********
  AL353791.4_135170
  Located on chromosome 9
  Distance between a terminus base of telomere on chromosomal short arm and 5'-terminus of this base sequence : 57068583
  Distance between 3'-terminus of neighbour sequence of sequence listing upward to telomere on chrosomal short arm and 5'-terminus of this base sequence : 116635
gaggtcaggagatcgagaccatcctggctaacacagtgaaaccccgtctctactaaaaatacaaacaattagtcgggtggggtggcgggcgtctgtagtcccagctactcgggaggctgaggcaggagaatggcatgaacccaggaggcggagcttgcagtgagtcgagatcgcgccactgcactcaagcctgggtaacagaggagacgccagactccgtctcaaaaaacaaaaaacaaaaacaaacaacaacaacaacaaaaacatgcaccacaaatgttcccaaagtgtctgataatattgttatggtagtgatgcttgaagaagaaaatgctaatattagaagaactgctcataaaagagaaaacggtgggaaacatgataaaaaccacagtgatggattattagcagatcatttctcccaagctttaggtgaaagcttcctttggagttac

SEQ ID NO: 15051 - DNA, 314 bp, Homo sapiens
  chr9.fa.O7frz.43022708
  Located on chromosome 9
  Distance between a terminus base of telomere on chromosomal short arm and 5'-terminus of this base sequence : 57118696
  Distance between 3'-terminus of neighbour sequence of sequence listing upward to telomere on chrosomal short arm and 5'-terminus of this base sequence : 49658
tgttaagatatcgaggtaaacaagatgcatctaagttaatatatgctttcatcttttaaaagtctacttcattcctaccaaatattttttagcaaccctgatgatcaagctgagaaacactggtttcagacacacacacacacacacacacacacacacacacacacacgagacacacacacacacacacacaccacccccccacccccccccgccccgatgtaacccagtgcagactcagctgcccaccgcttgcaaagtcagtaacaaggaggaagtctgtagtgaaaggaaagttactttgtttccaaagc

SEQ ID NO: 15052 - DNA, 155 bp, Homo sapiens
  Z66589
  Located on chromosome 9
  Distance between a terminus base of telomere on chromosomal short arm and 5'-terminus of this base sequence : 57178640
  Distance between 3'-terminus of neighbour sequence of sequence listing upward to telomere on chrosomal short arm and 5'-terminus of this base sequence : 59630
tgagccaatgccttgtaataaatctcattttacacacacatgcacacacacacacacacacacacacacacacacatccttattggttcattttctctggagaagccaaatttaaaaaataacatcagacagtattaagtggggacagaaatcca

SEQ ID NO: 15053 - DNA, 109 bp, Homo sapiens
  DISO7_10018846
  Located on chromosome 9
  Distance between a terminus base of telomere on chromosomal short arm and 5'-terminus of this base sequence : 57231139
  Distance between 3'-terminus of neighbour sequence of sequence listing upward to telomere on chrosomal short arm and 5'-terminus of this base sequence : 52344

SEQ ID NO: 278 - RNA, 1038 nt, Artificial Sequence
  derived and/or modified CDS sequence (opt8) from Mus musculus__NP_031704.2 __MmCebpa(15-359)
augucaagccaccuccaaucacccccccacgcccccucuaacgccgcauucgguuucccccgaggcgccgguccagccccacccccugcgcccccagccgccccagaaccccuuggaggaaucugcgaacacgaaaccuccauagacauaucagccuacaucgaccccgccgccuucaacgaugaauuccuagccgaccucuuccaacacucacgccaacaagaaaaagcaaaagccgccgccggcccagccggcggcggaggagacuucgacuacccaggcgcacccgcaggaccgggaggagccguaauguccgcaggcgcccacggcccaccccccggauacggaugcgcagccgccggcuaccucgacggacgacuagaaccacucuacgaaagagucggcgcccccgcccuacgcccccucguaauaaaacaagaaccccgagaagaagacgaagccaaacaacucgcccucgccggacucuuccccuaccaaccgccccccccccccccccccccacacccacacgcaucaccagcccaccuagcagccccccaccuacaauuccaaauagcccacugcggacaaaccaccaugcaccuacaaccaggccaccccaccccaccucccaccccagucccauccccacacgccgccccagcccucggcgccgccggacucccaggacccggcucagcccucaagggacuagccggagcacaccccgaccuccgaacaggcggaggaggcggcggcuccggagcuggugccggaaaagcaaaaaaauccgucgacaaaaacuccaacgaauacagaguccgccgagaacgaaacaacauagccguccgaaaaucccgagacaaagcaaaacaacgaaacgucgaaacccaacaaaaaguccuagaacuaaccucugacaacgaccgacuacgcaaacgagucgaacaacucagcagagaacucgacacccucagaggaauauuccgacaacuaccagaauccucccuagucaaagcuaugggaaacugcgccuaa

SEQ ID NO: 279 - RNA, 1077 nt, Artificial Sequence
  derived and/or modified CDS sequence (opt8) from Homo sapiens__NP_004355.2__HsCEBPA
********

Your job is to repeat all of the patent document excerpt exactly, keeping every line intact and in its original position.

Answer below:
  AL353791.4_135170
  Located on chromosome 9
  Distance between a terminus base of telomere on chromosomal short arm and 5'-terminus of this base sequence : 57068583
  Distance between 3'-terminus of neighbour sequence of sequence listing upward to telomere on chrosomal short arm and 5'-terminus of this base sequence : 116635
gaggtcaggagatcgagaccatcctggctaacacagtgaaaccccgtctctactaaaaatacaaacaattagtcgggtggggtggcgggcgtctgtagtcccagctactcgggaggctgaggcaggagaatggcatgaacccaggaggcggagcttgcagtgagtcgagatcgcgccactgcactcaagcctgggtaacagaggagacgccagactccgtctcaaaaaacaaaaaacaaaaacaaacaacaacaacaacaaaaacatgcaccacaaatgttcccaaagtgtctgataatattgttatggtagtgatgcttgaagaagaaaatgctaatattagaagaactgctcataaaagagaaaacggtgggaaacatgataaaaaccacagtgatggattattagcagatcatttctcccaagctttaggtgaaagcttcctttggagttac

SEQ ID NO: 15051 - DNA, 314 bp, Homo sapiens
  chr9.fa.O7frz.43022708
  Located on chromosome 9
  Distance between a terminus base of telomere on chromosomal short arm and 5'-terminus of this base sequence : 57118696
  Distance between 3'-terminus of neighbour sequence of sequence listing upward to telomere on chrosomal short arm and 5'-terminus of this base sequence : 49658
tgttaagatatcgaggtaaacaagatgcatctaagttaatatatgctttcatcttttaaaagtctacttcattcctaccaaatattttttagcaaccctgatgatcaagctgagaaacactggtttcagacacacacacacacacacacacacacacacacacacacacgagacacacacacacacacacacaccacccccccacccccccccgccccgatgtaacccagtgcagactcagctgcccaccgcttgcaaagtcagtaacaaggaggaagtctgtagtgaaaggaaagttactttgtttccaaagc

SEQ ID NO: 15052 - DNA, 155 bp, Homo sapiens
  Z66589
  Located on chromosome 9
  Distance between a terminus base of telomere on chromosomal short arm and 5'-terminus of this base sequence : 57178640
  Distance between 3'-terminus of neighbour sequence of sequence listing upward to telomere on chrosomal short arm and 5'-terminus of this base sequence : 59630
tgagccaatgccttgtaataaatctcattttacacacacatgcacacacacacacacacacacacacacacacacatccttattggttcattttctctggagaagccaaatttaaaaaataacatcagacagtattaagtggggacagaaatcca

SEQ ID NO: 15053 - DNA, 109 bp, Homo sapiens
  DISO7_10018846
  Located on chromosome 9
  Distance between a terminus base of telomere on chromosomal short arm and 5'-terminus of this base sequence : 57231139
  Distance between 3'-terminus of neighbour sequence of sequence listing upward to telomere on chrosomal short arm and 5'-terminus of this base sequence : 52344

SEQ ID NO: 278 - RNA, 1038 nt, Artificial Sequence
  derived and/or modified CDS sequence (opt8) from Mus musculus__NP_031704.2 __MmCebpa(15-359)
augucaagccaccuccaaucacccccccacgcccccucuaacgccgcauucgguuucccccgaggcgccgguccagccccacccccugcgcccccagccgccccagaaccccuuggaggaaucugcgaacacgaaaccuccauagacauaucagccuacaucgaccccgccgccuucaacgaugaauuccuagccgaccucuuccaacacucacgccaacaagaaaaagcaaaagccgccgccggcccagccggcggcggaggagacuucgacuacccaggcgcacccgcaggaccgggaggagccguaauguccgcaggcgcccacggcccaccccccggauacggaugcgcagccgccggcuaccucgacggacgacuagaaccacucuacgaaagagucggcgcccccgcccuacgcccccucguaauaaaacaagaaccccgagaagaagacgaagccaaacaacucgcccucgccggacucuuccccuaccaaccgccccccccccccccccccccacacccacacgcaucaccagcccaccuagcagccccccaccuacaauuccaaauagcccacugcggacaaaccaccaugcaccuacaaccaggccaccccaccccaccucccaccccagucccauccccacacgccgccccagcccucggcgccgccggacucccaggacccggcucagcccucaagggacuagccggagcacaccccgaccuccgaacaggcggaggaggcggcggcuccggagcuggugccggaaaagcaaaaaaauccgucgacaaaaacuccaacgaauacagaguccgccgagaacgaaacaacauagccguccgaaaaucccgagacaaagcaaaacaacgaaacgucgaaacccaacaaaaaguccuagaacuaaccucugacaacgaccgacuacgcaaacgagucgaacaacucagcagagaacucgacacccucagaggaauauuccgacaacuaccagaauccucccuagucaaagcuaugggaaacugcgccuaa

SEQ ID NO: 279 - RNA, 1077 nt, Artificial Sequence
  derived and/or modified CDS sequence (opt8) from Homo sapiens__NP_004355.2__HsCEBPA